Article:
**In this blog post, we want to take a closer look at the idea of a support vector machine that works on the basis of quantum computing or rather quantum circuits. The post is primarily aimed at people with experience in machine learning who want to learn more about quantum computing or quantum machine learning methods. **

**Support Vector Machines & how to measure performance**

When one starts to familiarize oneself with the field of AI and machine learning (ML), it usually doesn't take long before one stumbles across the concept of support vector machines (SVMs). This method, also referred to as Support Vector Classifier (SVC), is assigned to the field of Supervised Learning Algorithms and, in its basic formulation, is used for binary classification tasks, i.e. for tasks where an input (e.g. images) is to be assigned to one of two classes (e.g. dogs or cats). For this purpose, the so-called model is trained in advance with a lot of “labeled” data (e.g. images for which it has been said whether dogs or cats can be seen on them).

There are various metrics for evaluating the quality of such models. One such standard metric is the accuracy, which measures how many correct predictions the model has made. This is done by taking new labeled data that has not yet been shown to the model during training and classifying it. In the case of good training and high-quality data, accuracy values of well over 90% up to 100% can be achieved, although this is not always the case. In an industrial context, a minimally better classification of a few percent can sometimes save a lot, which in turn brings us to SVM. In this article, we want to look at how to train an SVM with quantum computers in order to build a better model under certain circumstances.

**Classical Support Vector Machine **

We will not talk in detail about the theory of classical SVMs, but we will mention some important points that are relevant for the transition to the quantum version.

When training an SVM, \( N \) labeled data points of the form \( (x_i, y_i) \) with \( i\in\lbrace1, \ldots , N\rbrace, x_i\in \mathbb{R}^n \) and \( y_i\in\lbrace -1, 1\rbrace \) are fed into the model. Here, \( x_i \) are the features (e.g. color values of individual pixels in an image) and \( y_i \) is the label of the corresponding class (e.g. ±1 for dog/cat). The classification of new data points is then based on the decision function.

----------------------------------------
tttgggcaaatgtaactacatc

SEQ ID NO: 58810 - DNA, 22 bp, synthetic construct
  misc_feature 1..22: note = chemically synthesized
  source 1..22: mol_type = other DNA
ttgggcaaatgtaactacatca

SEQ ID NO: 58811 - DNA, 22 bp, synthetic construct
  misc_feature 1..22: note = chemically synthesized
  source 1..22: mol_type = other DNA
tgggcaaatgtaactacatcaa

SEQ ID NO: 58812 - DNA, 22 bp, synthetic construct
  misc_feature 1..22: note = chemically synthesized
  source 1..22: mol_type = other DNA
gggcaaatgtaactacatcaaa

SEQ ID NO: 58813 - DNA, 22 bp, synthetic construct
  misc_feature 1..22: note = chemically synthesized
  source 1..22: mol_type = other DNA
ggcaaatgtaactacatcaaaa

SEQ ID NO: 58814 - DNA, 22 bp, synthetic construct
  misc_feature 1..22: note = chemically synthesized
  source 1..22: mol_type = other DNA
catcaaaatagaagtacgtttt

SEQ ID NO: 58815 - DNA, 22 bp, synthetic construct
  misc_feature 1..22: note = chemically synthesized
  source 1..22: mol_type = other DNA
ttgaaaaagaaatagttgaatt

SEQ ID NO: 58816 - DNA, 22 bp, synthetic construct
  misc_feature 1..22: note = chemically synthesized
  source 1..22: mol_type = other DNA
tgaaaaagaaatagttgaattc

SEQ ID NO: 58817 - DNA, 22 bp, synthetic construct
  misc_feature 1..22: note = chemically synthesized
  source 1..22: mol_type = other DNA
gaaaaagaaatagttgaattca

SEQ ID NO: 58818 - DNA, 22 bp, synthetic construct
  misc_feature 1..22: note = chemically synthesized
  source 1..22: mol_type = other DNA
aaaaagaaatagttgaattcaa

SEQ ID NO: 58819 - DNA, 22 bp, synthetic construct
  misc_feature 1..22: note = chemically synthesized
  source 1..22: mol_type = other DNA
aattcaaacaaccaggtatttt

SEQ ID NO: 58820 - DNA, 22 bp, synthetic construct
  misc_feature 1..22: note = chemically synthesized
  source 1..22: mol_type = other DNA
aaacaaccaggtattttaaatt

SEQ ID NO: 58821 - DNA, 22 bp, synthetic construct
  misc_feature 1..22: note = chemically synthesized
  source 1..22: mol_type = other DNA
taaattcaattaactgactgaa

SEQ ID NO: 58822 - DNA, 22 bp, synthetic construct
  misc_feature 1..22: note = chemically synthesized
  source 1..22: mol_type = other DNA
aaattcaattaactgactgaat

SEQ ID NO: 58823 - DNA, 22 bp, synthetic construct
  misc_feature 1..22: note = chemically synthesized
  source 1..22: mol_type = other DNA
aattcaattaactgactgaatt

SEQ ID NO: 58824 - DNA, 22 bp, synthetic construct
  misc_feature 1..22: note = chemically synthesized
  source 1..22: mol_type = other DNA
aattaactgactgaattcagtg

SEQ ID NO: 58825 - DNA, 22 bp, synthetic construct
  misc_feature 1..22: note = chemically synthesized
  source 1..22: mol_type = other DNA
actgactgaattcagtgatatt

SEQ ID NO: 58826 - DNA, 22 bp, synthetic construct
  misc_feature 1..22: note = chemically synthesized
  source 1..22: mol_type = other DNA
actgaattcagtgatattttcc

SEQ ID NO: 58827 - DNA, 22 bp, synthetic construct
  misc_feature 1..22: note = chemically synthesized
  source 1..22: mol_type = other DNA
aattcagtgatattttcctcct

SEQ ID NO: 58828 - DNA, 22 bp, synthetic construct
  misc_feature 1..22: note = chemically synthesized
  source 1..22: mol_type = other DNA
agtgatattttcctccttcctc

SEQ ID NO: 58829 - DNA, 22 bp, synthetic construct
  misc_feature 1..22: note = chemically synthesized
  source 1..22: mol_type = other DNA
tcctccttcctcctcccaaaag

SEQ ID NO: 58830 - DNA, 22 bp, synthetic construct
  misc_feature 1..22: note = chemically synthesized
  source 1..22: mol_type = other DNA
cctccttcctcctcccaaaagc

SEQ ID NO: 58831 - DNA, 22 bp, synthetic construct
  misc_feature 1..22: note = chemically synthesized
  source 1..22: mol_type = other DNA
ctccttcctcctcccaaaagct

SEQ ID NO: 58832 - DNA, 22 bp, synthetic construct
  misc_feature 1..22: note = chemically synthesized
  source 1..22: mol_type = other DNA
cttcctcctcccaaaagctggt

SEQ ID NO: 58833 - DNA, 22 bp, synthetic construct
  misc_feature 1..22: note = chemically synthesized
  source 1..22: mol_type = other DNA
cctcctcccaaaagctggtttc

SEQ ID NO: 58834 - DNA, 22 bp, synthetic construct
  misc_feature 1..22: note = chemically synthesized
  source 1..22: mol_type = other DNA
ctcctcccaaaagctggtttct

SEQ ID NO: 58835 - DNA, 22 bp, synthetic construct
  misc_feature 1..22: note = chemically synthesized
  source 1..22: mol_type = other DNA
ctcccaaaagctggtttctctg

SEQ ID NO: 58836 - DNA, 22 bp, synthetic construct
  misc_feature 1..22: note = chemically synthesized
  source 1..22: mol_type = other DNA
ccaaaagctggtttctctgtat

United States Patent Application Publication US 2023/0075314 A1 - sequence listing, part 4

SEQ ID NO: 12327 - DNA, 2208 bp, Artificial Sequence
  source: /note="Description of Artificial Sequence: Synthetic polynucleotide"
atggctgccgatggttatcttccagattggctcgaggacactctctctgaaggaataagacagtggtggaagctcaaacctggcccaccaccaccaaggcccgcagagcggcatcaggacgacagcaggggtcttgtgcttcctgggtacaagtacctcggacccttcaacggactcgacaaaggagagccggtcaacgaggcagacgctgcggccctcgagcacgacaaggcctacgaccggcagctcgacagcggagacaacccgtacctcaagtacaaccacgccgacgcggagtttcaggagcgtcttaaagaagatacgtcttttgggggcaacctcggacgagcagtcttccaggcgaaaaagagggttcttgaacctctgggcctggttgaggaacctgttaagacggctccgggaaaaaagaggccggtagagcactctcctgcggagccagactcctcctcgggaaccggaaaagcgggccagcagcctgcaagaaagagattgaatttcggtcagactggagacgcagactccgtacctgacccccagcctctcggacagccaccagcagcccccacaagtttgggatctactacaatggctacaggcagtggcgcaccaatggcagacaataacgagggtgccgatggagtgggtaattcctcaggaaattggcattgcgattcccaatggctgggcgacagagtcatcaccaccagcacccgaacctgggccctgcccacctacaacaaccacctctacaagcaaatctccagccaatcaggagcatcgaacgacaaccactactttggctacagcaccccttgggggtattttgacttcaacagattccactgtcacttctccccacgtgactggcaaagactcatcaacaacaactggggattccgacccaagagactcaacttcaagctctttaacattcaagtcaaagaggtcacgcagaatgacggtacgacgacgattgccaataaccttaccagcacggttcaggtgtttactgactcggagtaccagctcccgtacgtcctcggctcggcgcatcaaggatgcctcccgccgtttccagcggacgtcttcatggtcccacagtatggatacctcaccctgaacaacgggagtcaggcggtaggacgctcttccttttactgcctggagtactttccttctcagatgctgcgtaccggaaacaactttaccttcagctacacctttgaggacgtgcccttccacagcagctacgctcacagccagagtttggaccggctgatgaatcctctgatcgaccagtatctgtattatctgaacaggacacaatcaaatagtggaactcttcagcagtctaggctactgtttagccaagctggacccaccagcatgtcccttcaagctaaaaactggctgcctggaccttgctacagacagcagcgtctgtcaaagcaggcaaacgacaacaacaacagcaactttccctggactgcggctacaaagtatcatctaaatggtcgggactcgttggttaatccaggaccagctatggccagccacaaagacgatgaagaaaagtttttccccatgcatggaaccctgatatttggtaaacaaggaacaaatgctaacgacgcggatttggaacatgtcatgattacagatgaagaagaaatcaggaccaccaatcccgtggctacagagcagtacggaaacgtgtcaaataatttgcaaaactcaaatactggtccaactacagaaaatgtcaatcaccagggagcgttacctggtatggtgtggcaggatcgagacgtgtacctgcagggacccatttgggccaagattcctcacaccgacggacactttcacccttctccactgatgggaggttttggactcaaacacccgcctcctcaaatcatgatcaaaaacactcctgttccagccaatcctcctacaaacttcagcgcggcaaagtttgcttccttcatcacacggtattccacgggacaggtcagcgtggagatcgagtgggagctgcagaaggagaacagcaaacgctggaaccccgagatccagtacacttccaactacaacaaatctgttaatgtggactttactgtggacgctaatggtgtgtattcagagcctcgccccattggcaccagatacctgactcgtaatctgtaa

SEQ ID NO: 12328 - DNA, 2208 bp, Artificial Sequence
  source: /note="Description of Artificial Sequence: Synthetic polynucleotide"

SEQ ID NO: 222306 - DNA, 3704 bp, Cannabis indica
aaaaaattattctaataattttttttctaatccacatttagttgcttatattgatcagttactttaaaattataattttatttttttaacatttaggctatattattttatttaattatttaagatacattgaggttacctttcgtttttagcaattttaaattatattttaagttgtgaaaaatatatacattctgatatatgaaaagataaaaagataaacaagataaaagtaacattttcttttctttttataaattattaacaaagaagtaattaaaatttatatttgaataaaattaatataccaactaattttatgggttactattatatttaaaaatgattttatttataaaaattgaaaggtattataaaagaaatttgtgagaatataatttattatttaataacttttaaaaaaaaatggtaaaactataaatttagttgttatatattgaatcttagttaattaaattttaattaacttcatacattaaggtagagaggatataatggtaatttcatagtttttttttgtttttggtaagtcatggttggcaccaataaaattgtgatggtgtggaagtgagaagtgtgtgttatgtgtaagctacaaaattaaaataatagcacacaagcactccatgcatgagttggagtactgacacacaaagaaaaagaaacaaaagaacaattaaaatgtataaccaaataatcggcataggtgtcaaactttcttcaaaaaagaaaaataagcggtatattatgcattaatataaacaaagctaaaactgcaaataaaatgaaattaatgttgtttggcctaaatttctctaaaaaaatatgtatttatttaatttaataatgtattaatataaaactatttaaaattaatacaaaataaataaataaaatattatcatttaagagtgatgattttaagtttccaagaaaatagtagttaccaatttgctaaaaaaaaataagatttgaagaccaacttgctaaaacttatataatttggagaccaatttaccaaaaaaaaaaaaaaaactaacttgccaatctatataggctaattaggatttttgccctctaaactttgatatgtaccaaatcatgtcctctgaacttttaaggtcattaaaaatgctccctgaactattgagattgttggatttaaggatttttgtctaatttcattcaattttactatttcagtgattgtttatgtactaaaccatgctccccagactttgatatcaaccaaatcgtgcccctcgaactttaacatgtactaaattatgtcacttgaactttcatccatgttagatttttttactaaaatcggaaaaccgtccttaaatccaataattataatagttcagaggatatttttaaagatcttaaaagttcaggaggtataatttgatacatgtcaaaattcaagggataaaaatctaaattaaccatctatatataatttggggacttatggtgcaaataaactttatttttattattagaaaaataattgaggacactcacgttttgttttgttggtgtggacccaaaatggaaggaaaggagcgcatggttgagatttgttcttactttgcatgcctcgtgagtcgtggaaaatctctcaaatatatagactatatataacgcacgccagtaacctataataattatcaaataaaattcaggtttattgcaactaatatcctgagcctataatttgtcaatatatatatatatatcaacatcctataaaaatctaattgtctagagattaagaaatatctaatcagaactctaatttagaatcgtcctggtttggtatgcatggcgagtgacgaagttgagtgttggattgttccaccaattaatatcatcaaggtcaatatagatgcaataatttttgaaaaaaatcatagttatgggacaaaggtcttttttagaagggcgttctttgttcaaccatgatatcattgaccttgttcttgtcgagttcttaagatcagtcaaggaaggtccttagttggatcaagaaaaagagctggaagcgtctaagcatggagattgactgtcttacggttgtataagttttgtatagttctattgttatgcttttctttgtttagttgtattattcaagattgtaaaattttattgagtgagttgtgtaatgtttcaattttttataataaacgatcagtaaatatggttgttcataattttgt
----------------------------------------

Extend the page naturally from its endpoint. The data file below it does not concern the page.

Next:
Here, \(a_i, b\) are trainable parameters,\( \text{sgn}( )\) denotes the sign-function and \( \langle \cdot , \cdot \rangle \) is the standard scalar product. In order to determine the class of new of new features \( x \) after training, the scalar product of it with the name-giving *support vectors *(SVs) must be calculated. These SVs are a subset of the training data and abstractly define a plane in \( \mathbb{R}^n \), which divides the space into two areas. Depending on the area in which they lie, data points are assigned to one of the two classes.

The above equation separates the data points by a linear plane, also known as *decision boundary* or *hyperplane*. However, for realistic classification problems much more complex decision boundaries are required. On the other hand, it is quite possible that a hyperplane can be found by transforming the data into a higher-dimensional space. This is known as the *kernel trick* and is achieved by simply replacing,

where a general *kernel function* \( k \) must fulfill special properties in order to “behave” like a scalar product in higher dimensions.

A linear plane in the higher-dimensional space can correspond to a more complicated decision boundary in the actual *feature space* (see figure). The feature map \( \varphi \), which realizes the mapping, does not even have to be known in the general case, only the scalar product or rather kernel function is crucial. For complex classification tasks, however, finding a suitable kernel or, if desired, a suitable feature map, is not a trivial task.

_{Figure 1: Example for a classification task with a non-linear decision boundary. By mapping the data into 3D space, a hyperplane can be found to separate the data, which results in a curved decision boundary in the original feature space.}